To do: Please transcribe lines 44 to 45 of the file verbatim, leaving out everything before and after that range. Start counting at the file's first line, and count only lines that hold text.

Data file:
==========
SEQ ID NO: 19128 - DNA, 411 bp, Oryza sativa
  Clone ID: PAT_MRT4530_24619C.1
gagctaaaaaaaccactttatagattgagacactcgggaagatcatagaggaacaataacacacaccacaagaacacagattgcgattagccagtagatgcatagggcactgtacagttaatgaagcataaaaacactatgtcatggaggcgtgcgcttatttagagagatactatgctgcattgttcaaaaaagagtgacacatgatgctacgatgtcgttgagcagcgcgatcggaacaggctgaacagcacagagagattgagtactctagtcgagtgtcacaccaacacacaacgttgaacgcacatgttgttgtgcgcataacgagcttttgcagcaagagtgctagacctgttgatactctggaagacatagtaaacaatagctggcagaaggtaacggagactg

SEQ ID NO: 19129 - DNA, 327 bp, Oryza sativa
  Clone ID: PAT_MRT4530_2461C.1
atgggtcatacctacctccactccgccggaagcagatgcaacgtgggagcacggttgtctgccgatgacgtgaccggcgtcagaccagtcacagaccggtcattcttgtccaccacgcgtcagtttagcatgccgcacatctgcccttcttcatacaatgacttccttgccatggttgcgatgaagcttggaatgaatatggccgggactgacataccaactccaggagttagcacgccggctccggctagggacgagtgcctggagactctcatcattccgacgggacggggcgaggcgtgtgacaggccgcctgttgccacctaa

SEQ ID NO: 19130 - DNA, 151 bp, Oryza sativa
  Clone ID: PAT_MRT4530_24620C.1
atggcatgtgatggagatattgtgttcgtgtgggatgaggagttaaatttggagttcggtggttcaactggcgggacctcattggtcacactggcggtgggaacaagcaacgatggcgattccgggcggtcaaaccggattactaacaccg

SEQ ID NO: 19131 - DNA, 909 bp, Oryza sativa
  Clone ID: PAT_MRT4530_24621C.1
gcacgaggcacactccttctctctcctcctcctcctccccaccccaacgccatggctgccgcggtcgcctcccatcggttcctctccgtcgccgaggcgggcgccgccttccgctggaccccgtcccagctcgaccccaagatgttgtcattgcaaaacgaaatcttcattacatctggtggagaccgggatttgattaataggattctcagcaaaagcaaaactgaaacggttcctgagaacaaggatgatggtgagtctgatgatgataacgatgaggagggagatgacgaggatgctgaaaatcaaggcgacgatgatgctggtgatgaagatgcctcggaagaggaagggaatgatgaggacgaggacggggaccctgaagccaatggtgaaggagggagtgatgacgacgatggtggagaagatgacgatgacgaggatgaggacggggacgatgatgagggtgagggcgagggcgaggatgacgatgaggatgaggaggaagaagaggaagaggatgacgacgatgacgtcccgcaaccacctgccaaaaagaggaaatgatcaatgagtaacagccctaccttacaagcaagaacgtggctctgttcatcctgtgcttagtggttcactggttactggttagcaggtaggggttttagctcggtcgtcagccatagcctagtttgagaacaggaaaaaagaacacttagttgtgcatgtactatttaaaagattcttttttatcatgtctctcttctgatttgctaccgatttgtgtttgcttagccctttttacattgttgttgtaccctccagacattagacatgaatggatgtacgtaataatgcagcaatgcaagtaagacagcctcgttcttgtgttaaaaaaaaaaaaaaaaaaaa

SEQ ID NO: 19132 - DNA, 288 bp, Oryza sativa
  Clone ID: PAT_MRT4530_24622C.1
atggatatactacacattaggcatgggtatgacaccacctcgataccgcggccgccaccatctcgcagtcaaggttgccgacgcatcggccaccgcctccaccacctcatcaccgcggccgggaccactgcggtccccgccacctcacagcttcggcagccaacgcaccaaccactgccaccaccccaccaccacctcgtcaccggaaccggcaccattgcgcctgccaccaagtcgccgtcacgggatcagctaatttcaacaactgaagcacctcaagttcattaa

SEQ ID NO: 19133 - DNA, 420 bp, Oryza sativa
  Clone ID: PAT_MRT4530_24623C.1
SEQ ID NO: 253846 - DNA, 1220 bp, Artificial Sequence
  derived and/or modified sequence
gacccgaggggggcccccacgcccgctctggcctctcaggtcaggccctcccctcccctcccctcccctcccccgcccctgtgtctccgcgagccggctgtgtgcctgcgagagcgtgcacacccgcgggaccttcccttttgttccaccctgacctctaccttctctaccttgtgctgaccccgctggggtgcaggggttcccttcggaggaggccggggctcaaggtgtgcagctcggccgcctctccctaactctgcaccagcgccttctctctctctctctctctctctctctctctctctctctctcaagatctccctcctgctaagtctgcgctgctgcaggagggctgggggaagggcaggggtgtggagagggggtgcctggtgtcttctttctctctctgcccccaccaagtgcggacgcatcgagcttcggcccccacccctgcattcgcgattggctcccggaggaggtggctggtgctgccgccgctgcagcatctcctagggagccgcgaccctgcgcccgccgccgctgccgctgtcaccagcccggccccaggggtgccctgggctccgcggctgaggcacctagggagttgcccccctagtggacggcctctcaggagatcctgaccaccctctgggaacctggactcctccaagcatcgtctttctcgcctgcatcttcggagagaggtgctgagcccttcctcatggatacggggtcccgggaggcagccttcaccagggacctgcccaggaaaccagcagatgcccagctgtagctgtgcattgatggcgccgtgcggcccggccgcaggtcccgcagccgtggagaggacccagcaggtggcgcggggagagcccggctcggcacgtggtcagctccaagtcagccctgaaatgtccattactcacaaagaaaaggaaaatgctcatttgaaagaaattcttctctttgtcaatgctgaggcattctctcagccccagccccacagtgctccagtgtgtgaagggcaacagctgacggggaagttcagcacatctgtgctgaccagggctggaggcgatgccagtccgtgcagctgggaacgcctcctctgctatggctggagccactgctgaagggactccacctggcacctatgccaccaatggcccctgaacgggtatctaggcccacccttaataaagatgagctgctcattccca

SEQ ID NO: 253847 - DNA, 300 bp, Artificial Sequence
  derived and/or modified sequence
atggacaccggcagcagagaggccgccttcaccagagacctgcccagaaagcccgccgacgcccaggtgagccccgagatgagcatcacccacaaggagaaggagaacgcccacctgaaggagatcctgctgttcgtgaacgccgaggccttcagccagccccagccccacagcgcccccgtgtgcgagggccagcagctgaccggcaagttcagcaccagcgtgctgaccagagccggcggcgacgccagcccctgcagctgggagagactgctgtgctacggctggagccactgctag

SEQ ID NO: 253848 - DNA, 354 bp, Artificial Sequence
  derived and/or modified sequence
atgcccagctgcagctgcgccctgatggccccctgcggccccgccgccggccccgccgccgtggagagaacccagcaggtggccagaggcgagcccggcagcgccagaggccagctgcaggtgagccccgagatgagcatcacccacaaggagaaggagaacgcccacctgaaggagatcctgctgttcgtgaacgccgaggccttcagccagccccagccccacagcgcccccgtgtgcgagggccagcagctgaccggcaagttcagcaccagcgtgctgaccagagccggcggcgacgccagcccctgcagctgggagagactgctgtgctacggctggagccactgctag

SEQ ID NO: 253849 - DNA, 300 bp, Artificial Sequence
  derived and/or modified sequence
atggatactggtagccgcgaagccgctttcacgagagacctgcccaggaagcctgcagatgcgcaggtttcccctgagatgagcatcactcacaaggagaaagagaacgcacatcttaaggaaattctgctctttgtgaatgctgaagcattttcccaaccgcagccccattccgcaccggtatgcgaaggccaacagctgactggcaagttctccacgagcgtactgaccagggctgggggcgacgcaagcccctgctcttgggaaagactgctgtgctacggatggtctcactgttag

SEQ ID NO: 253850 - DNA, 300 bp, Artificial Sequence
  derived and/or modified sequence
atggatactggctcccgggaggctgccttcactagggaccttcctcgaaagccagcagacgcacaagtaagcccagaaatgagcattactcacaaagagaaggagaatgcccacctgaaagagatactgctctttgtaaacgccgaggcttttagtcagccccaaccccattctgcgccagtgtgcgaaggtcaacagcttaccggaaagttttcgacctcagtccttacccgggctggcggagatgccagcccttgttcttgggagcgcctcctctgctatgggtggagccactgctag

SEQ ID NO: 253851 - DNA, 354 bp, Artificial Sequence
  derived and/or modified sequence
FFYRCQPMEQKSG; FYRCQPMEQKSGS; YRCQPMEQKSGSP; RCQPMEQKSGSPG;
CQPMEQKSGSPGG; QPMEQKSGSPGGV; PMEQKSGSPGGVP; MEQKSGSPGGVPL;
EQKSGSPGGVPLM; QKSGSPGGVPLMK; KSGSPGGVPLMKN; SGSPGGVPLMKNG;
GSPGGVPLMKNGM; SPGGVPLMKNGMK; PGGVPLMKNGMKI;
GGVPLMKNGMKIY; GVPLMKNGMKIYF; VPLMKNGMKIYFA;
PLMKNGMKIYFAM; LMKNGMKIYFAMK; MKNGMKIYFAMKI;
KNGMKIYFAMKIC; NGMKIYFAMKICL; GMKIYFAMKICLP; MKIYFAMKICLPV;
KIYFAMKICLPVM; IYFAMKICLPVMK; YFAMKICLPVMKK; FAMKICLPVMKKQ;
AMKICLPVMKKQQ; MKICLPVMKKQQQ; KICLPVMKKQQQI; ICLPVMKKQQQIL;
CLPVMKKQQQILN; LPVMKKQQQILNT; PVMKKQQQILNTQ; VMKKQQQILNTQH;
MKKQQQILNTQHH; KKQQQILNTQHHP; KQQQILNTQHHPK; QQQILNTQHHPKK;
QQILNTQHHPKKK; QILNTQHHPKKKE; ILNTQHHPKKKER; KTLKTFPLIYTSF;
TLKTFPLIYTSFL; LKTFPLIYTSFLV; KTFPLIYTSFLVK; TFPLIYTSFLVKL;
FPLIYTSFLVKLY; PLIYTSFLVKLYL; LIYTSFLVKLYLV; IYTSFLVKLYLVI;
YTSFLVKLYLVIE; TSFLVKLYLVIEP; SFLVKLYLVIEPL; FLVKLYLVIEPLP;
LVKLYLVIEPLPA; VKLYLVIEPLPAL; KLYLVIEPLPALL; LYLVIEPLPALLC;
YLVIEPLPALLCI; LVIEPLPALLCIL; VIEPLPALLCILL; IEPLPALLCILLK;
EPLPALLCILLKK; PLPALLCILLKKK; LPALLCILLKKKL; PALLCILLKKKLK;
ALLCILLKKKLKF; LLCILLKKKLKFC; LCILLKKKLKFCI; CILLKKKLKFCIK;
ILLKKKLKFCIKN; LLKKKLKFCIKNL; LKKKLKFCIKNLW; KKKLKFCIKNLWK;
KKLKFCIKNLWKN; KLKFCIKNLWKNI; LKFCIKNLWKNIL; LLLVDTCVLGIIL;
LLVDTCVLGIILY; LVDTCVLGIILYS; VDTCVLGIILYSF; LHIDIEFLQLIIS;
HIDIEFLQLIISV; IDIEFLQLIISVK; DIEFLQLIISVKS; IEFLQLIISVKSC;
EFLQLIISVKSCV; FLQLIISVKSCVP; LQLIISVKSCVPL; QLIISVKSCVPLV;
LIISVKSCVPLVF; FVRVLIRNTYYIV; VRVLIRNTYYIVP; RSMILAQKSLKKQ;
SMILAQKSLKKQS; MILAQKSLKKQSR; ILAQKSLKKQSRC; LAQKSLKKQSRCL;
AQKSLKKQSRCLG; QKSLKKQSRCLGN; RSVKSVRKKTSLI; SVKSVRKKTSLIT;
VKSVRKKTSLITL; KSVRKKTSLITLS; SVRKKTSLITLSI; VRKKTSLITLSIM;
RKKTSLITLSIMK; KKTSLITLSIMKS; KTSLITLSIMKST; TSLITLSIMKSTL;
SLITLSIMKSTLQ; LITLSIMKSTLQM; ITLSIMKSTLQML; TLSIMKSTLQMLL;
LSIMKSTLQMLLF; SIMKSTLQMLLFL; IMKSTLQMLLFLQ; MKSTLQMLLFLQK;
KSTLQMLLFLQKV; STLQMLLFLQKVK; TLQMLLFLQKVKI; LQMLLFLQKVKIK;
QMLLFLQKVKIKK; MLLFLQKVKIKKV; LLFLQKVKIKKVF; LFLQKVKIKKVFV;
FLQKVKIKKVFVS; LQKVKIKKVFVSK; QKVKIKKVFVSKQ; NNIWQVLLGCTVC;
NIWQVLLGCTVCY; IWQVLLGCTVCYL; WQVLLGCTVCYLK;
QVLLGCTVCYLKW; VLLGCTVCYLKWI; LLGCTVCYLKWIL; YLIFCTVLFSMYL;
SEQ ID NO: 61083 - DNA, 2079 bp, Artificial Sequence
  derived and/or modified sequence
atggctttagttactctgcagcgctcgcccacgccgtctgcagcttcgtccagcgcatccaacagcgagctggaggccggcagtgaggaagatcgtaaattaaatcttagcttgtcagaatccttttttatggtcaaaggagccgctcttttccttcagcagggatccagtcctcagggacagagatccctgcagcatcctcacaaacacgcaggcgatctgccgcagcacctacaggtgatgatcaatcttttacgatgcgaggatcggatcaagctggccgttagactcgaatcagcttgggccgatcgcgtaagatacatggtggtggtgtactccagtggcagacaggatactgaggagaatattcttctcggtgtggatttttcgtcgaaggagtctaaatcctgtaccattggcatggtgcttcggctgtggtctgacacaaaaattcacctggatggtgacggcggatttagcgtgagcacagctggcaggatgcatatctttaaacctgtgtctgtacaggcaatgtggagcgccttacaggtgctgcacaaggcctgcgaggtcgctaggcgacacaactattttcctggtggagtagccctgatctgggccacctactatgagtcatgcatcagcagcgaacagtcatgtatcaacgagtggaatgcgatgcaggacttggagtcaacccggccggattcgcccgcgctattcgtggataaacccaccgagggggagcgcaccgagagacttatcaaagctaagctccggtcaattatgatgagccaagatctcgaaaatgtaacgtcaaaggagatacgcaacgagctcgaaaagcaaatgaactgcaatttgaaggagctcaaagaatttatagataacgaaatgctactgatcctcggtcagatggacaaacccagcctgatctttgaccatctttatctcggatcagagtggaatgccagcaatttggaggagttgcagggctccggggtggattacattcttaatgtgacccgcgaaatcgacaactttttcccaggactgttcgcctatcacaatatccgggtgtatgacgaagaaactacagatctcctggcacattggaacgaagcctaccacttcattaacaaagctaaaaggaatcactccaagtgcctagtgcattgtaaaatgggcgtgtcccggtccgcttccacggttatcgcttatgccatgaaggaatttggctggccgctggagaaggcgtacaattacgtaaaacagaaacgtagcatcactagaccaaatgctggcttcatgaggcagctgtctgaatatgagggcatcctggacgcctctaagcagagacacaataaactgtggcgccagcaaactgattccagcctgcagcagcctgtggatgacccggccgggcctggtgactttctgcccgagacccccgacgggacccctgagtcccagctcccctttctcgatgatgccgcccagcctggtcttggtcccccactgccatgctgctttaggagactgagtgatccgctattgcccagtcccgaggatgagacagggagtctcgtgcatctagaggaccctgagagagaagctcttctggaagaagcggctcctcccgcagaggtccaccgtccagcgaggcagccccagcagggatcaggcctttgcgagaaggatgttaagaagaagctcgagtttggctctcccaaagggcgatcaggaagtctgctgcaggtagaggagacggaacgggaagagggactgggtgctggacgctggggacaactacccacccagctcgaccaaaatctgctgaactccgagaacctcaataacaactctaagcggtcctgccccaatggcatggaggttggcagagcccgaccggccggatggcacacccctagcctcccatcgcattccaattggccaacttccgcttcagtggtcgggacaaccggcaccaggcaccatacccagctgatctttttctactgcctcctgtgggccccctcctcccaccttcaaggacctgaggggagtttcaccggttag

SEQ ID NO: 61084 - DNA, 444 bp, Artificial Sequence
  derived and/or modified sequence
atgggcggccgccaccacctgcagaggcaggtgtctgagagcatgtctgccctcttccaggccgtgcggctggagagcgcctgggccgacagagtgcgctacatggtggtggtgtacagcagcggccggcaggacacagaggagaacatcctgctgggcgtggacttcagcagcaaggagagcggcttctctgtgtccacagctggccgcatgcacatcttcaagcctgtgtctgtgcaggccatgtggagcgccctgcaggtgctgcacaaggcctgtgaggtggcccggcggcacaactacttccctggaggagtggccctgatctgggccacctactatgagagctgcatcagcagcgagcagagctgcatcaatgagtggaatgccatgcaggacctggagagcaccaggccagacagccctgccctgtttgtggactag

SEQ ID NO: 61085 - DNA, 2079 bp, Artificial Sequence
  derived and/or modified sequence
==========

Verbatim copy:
CLPVMKKQQQILN; LPVMKKQQQILNT; PVMKKQQQILNTQ; VMKKQQQILNTQH;
MKKQQQILNTQHH; KKQQQILNTQHHP; KQQQILNTQHHPK; QQQILNTQHHPKK;